Thailand’s First Serial Killer Si Quey Cremated After Five Decades on Display

Funeral Industry News September 2, 2020
Thailand museum display of Si Quey
Diana Ionescu

Diana is a writer and urbanist based in Los Angeles. Her interests include modern grief rituals, innovative disposition methods, and navigating death and mourning in an increasingly secular society.

Thailand’s First Serial Killer Si Quey Cremated After Five Decades on Display

A Thailand museum cremated the body of the country’s first convicted serial killer in July, more than half a century after his death. Known as a “cannibal killer,” Si Quey died by firing squad in 1959 after authorities accused him of murdering several children and eating parts of their bodies. Since then, his mummified remains have been on display at Bangkok’s Forensic Museum, housed in a glass case and used by Siriraj Hospital staff to instruct medical students. In recent years, activists have sought to remove the body and give it a dignified burial.

Si Quey “The cannibal”

Si Quey was a Chinese immigrant working as a gardener in Thailand in 1958 when witnesses allegedly saw him trying to burn the remains of a missing eight-year-old boy. In a post-arrest confession, Si Quey supposedly claimed to enjoy the taste of children’s organs. The police then charged and convicted him of the murders of six other missing children.

Following his death, the Siriraj Museum embalmed and preserved Si Quey’s body in a display labeled, “Si Quey, Cannibal.”

His story, mythologized through the decades, has morphed him into a Thai bogeyman. Parents invoke his name to scare children away from loitering outside after dark.

Finally laid to rest

The claims around Si Quey’s crimes are dubious at best. Since he couldn’t speak Thai very well, police could only interrogate him through an interpreter. Records from the time period show rampant police corruption, the use of torture to elicit false confessions, and pervasive anti-Chinese sentiment that would have made a poor Chinese worker a convenient scapegoat for crimes.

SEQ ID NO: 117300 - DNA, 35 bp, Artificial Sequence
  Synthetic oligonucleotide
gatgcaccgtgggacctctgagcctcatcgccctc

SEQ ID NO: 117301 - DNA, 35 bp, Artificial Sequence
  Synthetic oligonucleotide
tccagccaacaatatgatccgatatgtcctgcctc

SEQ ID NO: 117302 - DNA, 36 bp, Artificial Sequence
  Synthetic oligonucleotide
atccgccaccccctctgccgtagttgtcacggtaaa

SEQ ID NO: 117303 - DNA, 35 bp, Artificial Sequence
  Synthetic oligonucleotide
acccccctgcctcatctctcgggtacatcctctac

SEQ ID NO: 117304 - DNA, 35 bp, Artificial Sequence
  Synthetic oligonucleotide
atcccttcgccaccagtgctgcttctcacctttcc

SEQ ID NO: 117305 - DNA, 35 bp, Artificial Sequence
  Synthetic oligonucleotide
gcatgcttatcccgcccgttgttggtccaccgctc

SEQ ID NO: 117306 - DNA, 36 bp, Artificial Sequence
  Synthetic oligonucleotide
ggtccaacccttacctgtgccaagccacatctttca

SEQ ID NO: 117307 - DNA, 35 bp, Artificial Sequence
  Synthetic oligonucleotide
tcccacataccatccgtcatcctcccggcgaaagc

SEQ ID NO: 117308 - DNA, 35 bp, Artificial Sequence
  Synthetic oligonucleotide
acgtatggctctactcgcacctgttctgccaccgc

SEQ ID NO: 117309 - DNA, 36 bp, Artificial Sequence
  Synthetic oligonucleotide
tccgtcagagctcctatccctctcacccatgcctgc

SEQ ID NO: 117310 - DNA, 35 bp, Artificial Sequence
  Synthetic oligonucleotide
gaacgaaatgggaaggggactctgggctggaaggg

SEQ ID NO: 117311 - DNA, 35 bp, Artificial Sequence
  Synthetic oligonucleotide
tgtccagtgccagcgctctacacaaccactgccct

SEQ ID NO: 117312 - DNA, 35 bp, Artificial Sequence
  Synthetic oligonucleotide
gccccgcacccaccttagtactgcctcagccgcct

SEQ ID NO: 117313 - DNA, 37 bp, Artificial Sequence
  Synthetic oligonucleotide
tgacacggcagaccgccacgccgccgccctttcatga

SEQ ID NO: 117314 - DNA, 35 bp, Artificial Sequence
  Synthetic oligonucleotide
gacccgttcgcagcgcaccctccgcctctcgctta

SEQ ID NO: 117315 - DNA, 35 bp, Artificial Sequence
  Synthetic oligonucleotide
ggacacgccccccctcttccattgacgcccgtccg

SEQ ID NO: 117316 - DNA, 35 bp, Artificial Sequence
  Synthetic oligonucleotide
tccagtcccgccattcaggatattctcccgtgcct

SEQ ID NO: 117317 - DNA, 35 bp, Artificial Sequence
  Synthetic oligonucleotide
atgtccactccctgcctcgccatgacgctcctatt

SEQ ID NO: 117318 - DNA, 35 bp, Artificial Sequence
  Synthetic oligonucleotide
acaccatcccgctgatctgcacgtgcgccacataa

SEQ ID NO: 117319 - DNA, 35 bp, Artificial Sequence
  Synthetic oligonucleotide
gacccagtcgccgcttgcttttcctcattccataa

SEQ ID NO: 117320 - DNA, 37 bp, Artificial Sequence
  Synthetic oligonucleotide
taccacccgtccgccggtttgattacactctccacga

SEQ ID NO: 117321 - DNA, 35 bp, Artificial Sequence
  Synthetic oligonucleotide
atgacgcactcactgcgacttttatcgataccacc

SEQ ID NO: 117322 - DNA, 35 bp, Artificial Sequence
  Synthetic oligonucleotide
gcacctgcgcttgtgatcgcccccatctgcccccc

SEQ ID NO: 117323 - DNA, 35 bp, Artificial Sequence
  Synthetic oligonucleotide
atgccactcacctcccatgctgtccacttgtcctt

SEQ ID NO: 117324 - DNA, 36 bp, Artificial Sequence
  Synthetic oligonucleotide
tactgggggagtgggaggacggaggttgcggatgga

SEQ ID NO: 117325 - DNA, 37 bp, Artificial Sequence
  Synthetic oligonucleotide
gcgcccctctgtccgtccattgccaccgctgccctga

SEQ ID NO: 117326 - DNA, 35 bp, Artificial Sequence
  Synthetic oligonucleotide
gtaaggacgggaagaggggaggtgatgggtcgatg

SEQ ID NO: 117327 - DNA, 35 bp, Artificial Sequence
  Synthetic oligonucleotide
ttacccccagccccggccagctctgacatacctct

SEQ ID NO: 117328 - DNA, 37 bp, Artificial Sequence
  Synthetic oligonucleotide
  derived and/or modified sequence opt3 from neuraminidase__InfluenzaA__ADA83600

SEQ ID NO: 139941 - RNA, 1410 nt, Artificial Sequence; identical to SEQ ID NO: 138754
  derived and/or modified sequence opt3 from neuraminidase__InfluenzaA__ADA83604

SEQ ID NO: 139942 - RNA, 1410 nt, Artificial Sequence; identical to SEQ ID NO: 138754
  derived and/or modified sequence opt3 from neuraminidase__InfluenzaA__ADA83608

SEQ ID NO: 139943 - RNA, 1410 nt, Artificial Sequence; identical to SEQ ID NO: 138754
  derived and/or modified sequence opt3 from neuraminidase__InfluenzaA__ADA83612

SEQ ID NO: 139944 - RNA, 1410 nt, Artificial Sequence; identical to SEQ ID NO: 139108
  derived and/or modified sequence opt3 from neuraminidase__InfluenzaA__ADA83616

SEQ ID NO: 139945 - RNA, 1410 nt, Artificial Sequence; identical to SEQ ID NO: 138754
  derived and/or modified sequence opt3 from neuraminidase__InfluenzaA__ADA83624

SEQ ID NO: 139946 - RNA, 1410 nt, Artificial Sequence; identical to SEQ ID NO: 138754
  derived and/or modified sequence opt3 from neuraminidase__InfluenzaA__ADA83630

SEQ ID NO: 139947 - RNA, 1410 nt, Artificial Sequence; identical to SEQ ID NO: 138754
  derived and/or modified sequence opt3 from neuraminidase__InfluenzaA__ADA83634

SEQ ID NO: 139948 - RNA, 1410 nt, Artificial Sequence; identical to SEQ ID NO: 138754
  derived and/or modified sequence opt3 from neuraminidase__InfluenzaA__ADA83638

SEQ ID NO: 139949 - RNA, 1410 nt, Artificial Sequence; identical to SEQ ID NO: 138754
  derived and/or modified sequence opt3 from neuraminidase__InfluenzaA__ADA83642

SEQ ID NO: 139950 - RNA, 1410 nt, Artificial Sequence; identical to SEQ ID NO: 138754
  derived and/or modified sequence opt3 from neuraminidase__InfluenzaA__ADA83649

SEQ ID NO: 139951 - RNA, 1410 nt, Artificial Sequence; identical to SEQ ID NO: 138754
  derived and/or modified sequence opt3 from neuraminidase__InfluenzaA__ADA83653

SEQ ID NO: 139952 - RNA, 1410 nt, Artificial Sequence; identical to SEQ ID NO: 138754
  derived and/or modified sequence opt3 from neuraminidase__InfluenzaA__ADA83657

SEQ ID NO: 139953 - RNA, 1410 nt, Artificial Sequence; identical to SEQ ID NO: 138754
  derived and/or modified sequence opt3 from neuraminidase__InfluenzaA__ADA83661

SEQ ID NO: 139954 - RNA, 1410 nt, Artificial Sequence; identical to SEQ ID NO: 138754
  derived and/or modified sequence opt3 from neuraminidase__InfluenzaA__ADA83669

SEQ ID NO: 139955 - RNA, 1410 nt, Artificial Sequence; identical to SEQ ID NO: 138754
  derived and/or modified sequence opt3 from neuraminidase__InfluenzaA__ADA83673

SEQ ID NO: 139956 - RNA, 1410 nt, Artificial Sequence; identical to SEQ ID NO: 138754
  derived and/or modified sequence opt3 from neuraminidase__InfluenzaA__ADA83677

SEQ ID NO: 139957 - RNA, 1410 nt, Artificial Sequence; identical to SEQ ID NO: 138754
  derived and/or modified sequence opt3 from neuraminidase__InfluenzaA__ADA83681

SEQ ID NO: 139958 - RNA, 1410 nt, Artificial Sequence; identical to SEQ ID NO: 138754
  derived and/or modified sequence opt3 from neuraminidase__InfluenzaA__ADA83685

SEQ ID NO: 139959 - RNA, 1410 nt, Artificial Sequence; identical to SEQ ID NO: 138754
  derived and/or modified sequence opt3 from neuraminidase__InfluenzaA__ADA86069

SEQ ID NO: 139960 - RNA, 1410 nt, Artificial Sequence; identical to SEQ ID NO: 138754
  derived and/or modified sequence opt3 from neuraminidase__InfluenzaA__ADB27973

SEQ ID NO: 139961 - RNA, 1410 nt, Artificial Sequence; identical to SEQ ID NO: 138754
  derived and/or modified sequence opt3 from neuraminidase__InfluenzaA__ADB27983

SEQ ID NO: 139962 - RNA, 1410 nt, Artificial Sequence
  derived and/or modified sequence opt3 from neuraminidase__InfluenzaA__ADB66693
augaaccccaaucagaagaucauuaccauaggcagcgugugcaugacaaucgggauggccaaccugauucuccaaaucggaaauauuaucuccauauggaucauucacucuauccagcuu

Recently, over 11,000 people signed a petition asking the hospital to remove and properly bury his body. Wannapa Thongchin, Thap Sakae resident whose parents hired Si Quey as a gardener, supported laying the body to rest.

“We had to find a way to bring him out of the glass box,” she said at the funeral. Thongchin recounted how the museum display made Si Quey look tortured. “It made me feel sorry for him.”

His body was cremated in a state-funded funeral at the Wat Bang Praenk Tai temple, one of two temples adjacent to the Bang Kwang prison where Si Quey was executed. Si Quey has no known living relatives. However, a small crowd of human rights workers, prison officials, and curious locals gathered to witness the cremation.

The “Museum of Death”

Founded in 1888 after a global cholera outbreak, the Siriraj hospital and medical school is Thailand’s oldest and largest. With a capacity of over 2,000 beds, it sees over three million patients a year. The Siriraj Medical Museum, a seven-museum complex administered by the hospital, holds an impressive collection of medical oddities, pieces of forensic interest, and the preserved body parts of criminals and murder victims.

Si Quey body on display in the museum

This “Museum of Death” offers up unusual anatomical conditions, parasites, foetuses, and other displays not for the faint of heart. The specimens serve as educational tools for medical students. However, in recent years researchers and museum administrators have begun to reevaluate the ethics of displaying human remains. Prior to his removal for cremation, the museum relabeled Si Quey’s body “Death Row Inmate.”

The gesture was a small acknowledgement of his dubious guilt.